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Sudbury's downtown revitalization enters new chapter

It’s been 10 years since Susan Thompson and the Downtown Village Development Corp. (DVDC) embarked on an ambitious plan to revitalize Sudbury ’s downtown core with new business and resident activity.
The pending arrival of the Laurentian School of Architecture is boosting interest in development in downtown Sudbury. The Downtown Village Development Corporation is spearheading a campaign to identify buildings for redevelopment as office and residential space.

It’s been 10 years since Susan Thompson and the Downtown Village Development Corp. (DVDC) embarked on an ambitious plan to revitalize Sudbury’s downtown core with new business and resident activity. Things are finally starting to pay off following the completion of the city’s master plan and the looming opening of the Laurentian School of Architecture.

After the success of its streetscape improvement pilot project, which included the installation of new street lights, benches and bicycle racks, the DVDC has focused on developing relationships with property owners and developers interested in transforming underutilized space, Thompson said.

The upper floors of older buildings are particularly attractive for repurposing as residences or office space, but they come with their own set of challenges. About four or five projects are ready to go, but Thompson said developers are “gun shy” about moving forward.

“There are reasons why it hasn’t happened,” she said. “People want to do the projects, but they’re very costly to do.”

Older buildings typically need extensive updating to meet current Ontario Building Code standards, which hikes the cost to redevelop properties. Add to that a lack of parking space, and developers are reticent to move forward because they aren’t seeing a feasible return on their investment, Thompson said.

The DVDC is actively working to develop financial incentive programs, which Thompson believes could provide the impetus needed to get some projects going. She points to other cities, such as North Bay or London, that have been successful with redevelopment because of initiatives like upgrading loans or per-unit cash grants.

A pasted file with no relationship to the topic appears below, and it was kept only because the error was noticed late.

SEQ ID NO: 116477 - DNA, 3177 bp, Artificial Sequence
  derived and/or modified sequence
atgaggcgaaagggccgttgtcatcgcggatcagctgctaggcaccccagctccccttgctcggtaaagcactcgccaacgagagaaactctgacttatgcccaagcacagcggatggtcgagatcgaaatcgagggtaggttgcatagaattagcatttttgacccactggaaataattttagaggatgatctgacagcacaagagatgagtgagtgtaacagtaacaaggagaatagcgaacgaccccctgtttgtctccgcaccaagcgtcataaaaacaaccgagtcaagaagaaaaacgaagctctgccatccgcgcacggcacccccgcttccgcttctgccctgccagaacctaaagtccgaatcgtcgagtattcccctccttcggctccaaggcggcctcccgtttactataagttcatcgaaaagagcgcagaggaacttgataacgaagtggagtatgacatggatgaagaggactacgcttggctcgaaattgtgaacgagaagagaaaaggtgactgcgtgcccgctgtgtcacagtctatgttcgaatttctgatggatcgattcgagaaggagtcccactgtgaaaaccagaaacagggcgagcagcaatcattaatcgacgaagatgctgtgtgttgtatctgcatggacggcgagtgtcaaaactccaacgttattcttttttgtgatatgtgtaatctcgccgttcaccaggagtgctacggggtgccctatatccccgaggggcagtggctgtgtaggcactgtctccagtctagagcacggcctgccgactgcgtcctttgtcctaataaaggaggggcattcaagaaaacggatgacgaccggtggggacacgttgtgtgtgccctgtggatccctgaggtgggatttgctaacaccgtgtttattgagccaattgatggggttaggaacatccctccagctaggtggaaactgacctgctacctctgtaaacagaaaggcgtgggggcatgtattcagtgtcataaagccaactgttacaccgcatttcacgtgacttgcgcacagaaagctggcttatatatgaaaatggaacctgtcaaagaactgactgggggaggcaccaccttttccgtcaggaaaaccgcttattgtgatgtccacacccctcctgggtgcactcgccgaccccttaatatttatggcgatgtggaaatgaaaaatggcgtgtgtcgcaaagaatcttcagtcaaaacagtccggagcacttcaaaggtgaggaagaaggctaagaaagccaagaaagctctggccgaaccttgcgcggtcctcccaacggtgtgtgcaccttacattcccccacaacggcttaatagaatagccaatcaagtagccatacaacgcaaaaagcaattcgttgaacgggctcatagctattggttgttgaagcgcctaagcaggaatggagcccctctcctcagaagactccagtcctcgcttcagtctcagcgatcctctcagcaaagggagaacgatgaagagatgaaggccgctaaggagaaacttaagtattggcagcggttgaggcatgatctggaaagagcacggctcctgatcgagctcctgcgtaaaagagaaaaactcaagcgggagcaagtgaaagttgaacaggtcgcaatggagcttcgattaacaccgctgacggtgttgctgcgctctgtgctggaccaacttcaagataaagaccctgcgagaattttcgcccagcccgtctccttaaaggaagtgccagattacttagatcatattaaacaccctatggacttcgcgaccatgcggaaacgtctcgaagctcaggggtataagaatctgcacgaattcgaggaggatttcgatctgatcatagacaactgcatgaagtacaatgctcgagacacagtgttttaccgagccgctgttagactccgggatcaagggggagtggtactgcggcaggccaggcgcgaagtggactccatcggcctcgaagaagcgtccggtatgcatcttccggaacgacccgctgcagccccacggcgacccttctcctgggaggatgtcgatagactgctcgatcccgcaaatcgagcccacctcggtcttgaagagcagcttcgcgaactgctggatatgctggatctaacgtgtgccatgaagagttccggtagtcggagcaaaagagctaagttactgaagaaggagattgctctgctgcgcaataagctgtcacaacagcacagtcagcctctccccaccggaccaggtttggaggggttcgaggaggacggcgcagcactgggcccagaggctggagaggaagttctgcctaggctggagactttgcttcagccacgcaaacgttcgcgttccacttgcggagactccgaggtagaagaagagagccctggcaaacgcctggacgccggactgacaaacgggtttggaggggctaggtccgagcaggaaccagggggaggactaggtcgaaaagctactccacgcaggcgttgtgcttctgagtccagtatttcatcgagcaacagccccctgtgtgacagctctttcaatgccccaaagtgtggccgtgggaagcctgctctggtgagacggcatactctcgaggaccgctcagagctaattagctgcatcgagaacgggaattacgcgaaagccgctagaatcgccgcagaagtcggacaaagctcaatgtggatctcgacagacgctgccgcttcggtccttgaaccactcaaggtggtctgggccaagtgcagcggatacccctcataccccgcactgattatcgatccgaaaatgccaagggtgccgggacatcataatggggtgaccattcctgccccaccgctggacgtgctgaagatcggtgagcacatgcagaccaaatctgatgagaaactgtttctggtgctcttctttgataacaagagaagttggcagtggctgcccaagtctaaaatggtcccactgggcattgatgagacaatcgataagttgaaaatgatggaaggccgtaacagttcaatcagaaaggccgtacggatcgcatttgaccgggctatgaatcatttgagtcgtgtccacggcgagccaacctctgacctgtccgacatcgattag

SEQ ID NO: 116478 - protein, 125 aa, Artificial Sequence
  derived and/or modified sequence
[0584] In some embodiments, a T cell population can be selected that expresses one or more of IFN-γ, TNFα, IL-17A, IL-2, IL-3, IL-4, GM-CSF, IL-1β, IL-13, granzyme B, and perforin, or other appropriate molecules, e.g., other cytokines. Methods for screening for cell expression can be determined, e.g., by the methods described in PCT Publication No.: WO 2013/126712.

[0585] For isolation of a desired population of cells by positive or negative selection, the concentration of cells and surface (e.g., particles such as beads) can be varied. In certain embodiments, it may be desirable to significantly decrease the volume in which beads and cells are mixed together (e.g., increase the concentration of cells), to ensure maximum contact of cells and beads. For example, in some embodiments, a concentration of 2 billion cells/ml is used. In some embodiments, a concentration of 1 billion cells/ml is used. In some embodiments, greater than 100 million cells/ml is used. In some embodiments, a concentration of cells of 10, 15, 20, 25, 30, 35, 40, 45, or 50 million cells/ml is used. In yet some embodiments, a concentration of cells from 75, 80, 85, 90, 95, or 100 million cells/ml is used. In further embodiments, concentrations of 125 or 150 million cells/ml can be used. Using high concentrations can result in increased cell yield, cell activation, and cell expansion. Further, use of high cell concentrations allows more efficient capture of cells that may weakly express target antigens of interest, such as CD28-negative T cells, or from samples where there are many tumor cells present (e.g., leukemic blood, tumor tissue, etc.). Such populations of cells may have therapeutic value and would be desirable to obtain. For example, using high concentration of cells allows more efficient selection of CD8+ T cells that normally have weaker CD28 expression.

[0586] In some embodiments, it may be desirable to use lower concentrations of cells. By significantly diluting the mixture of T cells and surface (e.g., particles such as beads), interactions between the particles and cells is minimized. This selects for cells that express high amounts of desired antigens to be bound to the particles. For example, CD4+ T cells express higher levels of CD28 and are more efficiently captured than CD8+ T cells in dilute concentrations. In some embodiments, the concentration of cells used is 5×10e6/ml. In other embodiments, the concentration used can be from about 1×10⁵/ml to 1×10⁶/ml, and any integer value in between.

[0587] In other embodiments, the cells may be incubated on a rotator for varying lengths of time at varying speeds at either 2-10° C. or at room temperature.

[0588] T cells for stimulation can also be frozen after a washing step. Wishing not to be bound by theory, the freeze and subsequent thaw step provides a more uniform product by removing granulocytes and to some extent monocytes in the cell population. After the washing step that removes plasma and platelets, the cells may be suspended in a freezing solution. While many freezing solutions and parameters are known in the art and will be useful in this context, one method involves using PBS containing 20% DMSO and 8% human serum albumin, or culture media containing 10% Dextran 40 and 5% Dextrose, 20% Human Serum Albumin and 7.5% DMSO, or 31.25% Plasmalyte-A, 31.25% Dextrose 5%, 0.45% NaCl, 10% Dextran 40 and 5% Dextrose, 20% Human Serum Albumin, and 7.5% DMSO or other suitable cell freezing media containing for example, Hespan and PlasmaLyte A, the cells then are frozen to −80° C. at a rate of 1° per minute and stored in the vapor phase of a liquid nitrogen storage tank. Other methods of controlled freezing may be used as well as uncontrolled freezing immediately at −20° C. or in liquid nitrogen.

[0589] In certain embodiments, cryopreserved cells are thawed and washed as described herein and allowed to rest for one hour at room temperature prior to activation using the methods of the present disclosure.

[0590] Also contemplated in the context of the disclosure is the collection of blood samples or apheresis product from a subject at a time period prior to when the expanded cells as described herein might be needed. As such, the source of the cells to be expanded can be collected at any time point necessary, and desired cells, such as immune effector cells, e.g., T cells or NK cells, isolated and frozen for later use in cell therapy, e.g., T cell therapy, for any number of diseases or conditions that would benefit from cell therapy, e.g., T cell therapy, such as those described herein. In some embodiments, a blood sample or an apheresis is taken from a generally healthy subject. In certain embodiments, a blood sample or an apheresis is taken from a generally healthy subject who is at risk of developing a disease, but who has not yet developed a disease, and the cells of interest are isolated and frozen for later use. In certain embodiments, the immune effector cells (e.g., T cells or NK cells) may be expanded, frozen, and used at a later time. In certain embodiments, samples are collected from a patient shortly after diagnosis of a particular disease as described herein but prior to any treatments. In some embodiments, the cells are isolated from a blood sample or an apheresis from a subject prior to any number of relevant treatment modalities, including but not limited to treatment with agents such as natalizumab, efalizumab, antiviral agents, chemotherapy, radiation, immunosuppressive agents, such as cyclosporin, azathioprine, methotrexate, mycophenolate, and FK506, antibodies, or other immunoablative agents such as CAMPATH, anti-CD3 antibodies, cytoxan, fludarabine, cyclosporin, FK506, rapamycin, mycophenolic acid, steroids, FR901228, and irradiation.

Naysayers criticize the use of taxpayers’ money to develop private-sector projects, but Thompson said studies show the money is paid back in about seven years, in the form of increased property assessments.

“We’re focused on reaching a point where the investors who are interested in doing the projects get out of the gate with them and helping them through all these hurdles, and hopefully help to facilitate the right climate for these investors,” she said.

Introduced by city council in January, the Downtown Master Plan and Action Strategy proposes 61 actions that can improve the downtown core. Included is a plan for an “innotech park,” which would house a cluster of office spaces in the downtown.

Thompson said there is a host of stakeholders eager to invest should the park go ahead; their enthusiasm is bolstered by the placement of the Laurentian School of Architecture in the downtown core. All that’s needed is support from council to make the project a priority. Council was expected to prioritize items in the master plan near the end of August.

In the meantime, thanks to some funding from the Northern Ontario Heritage Corp., the DVDC is going ahead with a new, multi-media marketing campaign that includes improving its website. On it, investors can find an inventory of available properties in the downtown core. The DVDC acts as a mediator, referring any inquiries back to the property owners.

The organization is also teaming up with Downtown Sudbury, the Greater Sudbury Development Corp. and the private sector to establish protocols and priorities for downtown development. By determining what types of businesses the downtown wants to attract and the appropriate places for them to go, Sudbury can have a functioning downtown, Thompson said.

Though the work has been long and often challenging, with Sudbury on the cusp of a mining boom, and the architecture school arriving next year, she’s optimistic that the downtown will soon finally get its due.

“In 10 years, we’ve seen positive changes; the momentum is building,” she said. “I think we’re just about at the tipping point, and if we make the right decisions and we’re successful in implementing and prioritizing these projects, they’ll be game changers. They’ll totally transform the downtown and that’s what we need.”